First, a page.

China: World Bank to support rooftop solar for schools, low carbon city and key urban infrastructure development

March 20, 2013

WASHINGTON, March 20, 2013 - Today the World Bank Board of Directors approved five loans totaling US$620 million to the People’s Republic of China to install rooftop solar for public schools in Beijing, promote a low carbon city in Shanghai, and improve key urban infrastructure and public services in selected cities and towns in the two provinces of Jiangxi and Liaoning. 

“China is experiencing rapid urbanization which is projected to reach 70 percent in 2030. Energy demand for buildings and transport will increase rapidly – energy demand and related CO2 emissions would triple for the buildings and appliances. Lack of basic infrastructure and efficiency of public services is a challenge facing many smaller Chinese cities and towns. said Mark Lundell, World Bank Sector Manager for the Sustainable Development Department for China and Mongolia. “We are pleased to support the Government of China’s efforts to reduce energy intensity, carbon emissions and urban vulnerability to floods, and improve urban public services for the people. Greener buildings, cleaner energy supply and more coordinated development of large, medium-sized and small cities will benefit both China and the world,” adds Lundell.

Beijing Rooftop Solar PV Scale-Up Project, which received an IBRD loan of $120 million, will support the Beijing “Sunshine Schools” Program which will install 100 MW of rooftop PV systems in about 800 public schools and colleges in Beijing. It is the largest of such initiatives in China so far. The capacities of most systems are expected to range from 50 to 200 kW. The program will test the Renewable Energy Service Company (RESCO) business model for distributed rooftop solar PV systems, with enhanced after-sale service. It is also expected to pilot two-way metering for rooftop PV systems. If proven commercially successful, the project would provide valuable experience for developing similar schemes in other Chinese cities with promising solar resources.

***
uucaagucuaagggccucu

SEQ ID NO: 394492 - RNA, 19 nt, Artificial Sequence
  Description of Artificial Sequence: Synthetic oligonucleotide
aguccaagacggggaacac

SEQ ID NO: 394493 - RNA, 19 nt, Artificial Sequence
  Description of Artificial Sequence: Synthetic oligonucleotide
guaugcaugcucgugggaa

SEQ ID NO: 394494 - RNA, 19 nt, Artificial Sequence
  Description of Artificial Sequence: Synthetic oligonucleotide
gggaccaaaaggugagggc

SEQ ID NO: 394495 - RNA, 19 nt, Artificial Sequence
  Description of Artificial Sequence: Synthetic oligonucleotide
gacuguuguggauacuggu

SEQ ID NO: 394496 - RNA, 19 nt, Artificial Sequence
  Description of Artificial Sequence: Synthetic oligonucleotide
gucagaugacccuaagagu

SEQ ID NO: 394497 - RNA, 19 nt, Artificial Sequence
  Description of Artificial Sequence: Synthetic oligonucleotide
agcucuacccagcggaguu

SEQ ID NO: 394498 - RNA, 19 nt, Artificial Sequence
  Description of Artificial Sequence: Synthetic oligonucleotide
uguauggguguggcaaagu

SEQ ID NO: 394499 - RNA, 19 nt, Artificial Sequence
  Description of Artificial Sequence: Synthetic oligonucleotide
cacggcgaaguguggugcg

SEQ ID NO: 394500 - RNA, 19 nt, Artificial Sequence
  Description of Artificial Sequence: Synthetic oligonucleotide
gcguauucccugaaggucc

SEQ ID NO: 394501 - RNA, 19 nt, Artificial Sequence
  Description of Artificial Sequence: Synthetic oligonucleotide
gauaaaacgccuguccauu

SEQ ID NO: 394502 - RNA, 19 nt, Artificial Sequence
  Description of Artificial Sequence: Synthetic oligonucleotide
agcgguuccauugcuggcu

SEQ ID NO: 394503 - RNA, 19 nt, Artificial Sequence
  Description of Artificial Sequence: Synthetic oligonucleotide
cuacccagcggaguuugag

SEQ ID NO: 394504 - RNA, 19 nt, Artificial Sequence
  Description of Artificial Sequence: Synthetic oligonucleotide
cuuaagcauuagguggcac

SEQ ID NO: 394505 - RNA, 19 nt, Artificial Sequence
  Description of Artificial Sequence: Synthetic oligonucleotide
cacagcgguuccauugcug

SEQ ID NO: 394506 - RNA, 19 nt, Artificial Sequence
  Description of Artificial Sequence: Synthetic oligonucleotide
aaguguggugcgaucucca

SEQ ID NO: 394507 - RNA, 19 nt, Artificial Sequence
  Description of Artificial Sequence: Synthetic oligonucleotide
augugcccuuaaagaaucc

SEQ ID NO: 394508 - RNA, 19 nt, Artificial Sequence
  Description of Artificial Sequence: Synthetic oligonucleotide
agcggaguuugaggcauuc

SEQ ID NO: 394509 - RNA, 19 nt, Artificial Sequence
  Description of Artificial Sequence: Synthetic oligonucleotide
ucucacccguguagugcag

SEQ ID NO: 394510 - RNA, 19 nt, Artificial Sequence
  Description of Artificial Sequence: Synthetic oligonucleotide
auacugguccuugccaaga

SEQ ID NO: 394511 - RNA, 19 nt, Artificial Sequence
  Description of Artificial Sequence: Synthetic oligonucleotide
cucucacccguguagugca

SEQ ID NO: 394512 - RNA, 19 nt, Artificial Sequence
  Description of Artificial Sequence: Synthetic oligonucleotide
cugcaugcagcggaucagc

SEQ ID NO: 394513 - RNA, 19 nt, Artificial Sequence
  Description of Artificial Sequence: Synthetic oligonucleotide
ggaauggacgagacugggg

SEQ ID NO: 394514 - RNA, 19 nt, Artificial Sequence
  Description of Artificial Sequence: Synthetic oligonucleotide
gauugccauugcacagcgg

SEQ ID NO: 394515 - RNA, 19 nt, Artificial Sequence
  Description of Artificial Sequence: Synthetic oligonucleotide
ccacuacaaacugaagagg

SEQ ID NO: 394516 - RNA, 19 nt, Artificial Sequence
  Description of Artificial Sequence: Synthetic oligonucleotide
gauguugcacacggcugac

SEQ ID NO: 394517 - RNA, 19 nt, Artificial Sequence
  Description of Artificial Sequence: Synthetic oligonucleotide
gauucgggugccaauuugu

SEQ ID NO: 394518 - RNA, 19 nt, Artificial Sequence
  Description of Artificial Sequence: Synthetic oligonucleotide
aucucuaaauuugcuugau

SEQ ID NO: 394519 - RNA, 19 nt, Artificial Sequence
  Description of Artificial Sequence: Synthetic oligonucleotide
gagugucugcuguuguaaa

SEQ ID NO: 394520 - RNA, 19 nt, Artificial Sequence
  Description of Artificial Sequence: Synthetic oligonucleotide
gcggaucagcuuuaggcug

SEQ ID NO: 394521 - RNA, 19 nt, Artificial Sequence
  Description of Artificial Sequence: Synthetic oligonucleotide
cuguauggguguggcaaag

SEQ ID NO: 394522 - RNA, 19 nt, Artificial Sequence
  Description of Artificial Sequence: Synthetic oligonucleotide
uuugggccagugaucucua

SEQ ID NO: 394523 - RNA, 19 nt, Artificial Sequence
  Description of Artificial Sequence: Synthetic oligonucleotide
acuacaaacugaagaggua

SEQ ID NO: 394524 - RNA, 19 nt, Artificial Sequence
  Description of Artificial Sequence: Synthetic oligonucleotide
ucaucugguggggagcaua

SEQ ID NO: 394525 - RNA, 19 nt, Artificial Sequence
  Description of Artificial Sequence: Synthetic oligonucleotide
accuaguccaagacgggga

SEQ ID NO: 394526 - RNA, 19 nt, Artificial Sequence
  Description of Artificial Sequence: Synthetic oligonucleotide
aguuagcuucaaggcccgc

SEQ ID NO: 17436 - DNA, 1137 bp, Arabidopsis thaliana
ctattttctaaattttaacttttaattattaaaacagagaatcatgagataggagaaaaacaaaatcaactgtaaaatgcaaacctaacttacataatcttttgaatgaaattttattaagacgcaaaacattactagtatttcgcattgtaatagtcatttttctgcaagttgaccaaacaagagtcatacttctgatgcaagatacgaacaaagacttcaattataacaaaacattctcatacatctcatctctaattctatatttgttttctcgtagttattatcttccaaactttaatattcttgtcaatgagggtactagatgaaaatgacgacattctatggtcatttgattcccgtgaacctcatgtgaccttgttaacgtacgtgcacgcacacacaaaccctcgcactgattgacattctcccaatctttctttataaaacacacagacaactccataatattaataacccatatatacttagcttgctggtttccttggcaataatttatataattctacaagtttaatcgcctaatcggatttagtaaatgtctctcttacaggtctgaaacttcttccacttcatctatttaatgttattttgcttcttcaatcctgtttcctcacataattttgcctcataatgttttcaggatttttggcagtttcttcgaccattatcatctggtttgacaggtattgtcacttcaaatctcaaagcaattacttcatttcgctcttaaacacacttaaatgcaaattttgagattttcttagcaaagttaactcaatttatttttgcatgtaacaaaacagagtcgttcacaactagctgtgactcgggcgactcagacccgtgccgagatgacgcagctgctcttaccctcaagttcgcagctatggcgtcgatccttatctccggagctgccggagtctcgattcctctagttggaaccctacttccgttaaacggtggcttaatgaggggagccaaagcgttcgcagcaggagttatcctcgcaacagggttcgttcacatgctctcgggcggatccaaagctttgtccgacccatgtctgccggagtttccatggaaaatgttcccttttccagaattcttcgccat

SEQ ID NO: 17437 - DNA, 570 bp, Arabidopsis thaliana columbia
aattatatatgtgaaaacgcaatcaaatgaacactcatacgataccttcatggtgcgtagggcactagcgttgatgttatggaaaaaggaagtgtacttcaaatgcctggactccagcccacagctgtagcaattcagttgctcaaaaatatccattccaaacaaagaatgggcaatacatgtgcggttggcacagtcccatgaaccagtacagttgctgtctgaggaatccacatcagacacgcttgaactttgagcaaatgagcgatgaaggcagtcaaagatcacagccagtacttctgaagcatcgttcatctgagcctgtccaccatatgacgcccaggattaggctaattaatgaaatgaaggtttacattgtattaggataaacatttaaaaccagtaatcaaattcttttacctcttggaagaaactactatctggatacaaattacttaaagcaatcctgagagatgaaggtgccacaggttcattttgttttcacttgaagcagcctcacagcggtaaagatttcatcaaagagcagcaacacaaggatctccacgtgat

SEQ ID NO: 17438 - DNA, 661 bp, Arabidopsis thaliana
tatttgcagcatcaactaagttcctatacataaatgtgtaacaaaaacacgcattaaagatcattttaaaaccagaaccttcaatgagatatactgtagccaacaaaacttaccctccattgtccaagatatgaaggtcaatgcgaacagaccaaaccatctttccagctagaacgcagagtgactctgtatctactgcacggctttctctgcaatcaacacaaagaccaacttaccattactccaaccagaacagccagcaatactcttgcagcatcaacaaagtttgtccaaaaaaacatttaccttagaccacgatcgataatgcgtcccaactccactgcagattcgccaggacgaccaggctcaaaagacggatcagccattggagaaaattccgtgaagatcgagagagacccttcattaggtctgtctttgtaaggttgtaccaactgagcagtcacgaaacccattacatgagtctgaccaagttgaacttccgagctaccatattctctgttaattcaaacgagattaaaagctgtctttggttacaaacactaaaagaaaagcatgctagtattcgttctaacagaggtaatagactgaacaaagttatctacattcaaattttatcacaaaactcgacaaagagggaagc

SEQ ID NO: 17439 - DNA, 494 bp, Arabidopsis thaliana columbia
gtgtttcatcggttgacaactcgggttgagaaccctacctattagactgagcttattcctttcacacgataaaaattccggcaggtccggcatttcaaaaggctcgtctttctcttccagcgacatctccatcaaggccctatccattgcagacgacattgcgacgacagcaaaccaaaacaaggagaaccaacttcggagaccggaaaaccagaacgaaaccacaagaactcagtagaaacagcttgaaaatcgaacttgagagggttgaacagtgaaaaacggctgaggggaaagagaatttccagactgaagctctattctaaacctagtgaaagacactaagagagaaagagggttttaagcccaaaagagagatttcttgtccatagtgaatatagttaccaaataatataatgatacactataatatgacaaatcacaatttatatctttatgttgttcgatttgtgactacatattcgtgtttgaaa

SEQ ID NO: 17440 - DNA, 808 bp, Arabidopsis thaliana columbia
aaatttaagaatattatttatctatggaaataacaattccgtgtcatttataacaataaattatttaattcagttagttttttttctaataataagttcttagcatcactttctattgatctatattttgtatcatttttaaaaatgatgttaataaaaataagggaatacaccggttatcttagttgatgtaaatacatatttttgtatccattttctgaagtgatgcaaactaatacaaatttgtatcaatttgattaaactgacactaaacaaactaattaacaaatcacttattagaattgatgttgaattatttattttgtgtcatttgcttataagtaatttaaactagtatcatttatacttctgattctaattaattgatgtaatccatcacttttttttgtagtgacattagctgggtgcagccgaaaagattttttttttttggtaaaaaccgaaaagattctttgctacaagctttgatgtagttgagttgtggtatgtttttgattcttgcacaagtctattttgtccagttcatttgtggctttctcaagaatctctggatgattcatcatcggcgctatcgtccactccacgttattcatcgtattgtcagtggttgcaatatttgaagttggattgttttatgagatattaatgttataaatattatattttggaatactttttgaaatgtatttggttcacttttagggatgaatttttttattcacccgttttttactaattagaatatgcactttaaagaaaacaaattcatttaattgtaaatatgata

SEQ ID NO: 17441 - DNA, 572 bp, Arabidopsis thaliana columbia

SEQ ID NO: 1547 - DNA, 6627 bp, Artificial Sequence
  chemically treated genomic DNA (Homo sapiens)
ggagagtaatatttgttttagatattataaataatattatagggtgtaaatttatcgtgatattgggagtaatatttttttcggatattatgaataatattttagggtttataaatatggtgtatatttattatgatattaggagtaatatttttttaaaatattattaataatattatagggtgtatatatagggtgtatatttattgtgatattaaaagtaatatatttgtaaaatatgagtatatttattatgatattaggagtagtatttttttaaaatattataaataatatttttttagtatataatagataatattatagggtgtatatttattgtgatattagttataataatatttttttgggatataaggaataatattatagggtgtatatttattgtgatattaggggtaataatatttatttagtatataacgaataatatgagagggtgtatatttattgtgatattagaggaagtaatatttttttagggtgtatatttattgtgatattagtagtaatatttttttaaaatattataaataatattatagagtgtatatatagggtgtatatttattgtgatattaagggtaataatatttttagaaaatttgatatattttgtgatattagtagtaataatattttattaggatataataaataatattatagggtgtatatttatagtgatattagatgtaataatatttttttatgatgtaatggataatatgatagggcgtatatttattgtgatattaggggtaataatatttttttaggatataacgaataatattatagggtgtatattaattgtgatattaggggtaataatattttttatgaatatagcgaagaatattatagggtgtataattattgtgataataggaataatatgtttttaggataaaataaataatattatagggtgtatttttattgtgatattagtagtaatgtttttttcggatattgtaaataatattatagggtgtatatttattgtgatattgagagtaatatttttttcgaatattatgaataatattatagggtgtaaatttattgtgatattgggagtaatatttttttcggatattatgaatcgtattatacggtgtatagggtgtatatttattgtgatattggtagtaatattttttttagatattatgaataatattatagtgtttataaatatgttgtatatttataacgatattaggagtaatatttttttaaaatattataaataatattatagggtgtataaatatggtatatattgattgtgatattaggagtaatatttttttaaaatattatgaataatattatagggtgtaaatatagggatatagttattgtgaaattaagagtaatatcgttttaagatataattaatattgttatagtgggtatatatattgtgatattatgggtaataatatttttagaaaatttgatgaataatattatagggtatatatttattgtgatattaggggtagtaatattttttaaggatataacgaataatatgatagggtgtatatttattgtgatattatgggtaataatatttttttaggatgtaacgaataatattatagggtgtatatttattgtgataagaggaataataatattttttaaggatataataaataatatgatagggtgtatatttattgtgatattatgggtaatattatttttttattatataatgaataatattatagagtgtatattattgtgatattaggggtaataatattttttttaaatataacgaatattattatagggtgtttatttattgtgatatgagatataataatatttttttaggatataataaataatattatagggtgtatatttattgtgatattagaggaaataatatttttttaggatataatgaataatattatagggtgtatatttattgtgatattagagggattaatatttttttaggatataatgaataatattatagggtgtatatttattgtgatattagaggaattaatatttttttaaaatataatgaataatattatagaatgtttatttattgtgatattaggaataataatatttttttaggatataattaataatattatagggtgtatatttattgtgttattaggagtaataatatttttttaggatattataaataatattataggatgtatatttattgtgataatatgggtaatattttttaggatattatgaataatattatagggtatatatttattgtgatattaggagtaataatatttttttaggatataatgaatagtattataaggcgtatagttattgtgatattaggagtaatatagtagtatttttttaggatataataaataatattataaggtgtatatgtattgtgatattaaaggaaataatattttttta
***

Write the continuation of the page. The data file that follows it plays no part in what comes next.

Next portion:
Green Energy Schemes for Low-carbon City in Shanghai, which received an IBRD loan of $100 million, will assist Shanghai’s efforts to achieve low-carbon city development by promoting green energy schemes. With a focus in Changning district, the project has two components: firstly, the project will provide technical assistance and capacity building for green buildings, low carbon energy supply, and green mobility, and support near zero-emission buildings.   Secondly, the project will support low-carbon investments focused on building retrofit and new low-emission buildings. The project also received a $4.345 million grant from the Global Environment Facility (GEF).

Jiangxi Wuxikou Integrated Flood Management Project, which received an IBRD loan of $100 million, will assist Jingdezhen City in reducing the flood risk in the central urban area.  Flood losses are enormous and increasingly so in recent decades. In Jingdezhen, the flood in 1998 put 31 km2 under water for 94 hours and affected 354,000 people and over 2,000 production entities with an estimated direct loss of over US$354 million. The project will finance construction of the Wuxikou Flood Control Scheme to upgrade the flood protection standard for the Jingdezhen City from a 20-year flood event to a 50-year flood event, as well as establishment of an integrated flood risk management system for the city.

Jiangxi Poyang Lake Basin and Ecological Economic Zone Small Town Development Project, which received a loan of $150 million, will focus on improving transport and water resources infrastructure and capacity building. Specifically it will finance construction and upgrading of urban and country roads and a new central bus station; flood protection and drainage systems, wastewater and storm water collection pipes, and a water treatment plant and associated water supply facilities in 11 selected counties and cities in the province. About 4 million residents and businesses are expected to benefit from better public services and improved environment around Poyang Lake, the largest freshwater lake in China.

Liaoning Coastal Economic Zone Urban Infrastructure and Environmental Management Project, which received an IBRD loan of $150 million, aims to improve the efficiency of urban transport and address water scarcity issues in selected cities. In Lingyuan and Suizhong, the project will focus on improving wastewater treatment and water reclamation to reduce pollution and foster more efficient use of water resources. In Donggang, Kuandian, Lingyuan, Longchentg District of Chaoyang City and Panjin, the project will finance construction of new urban roads and rehabilitation of existing roads to improve public transport systems and foster transit oriented development along selected public transport corridors by integrating land use and transport planning.


Media Contacts
In Beijing
Li Li
Tel : (86-10) 5861-7850
In Washington
Carl Hanlon
Tel : (202) 473-8087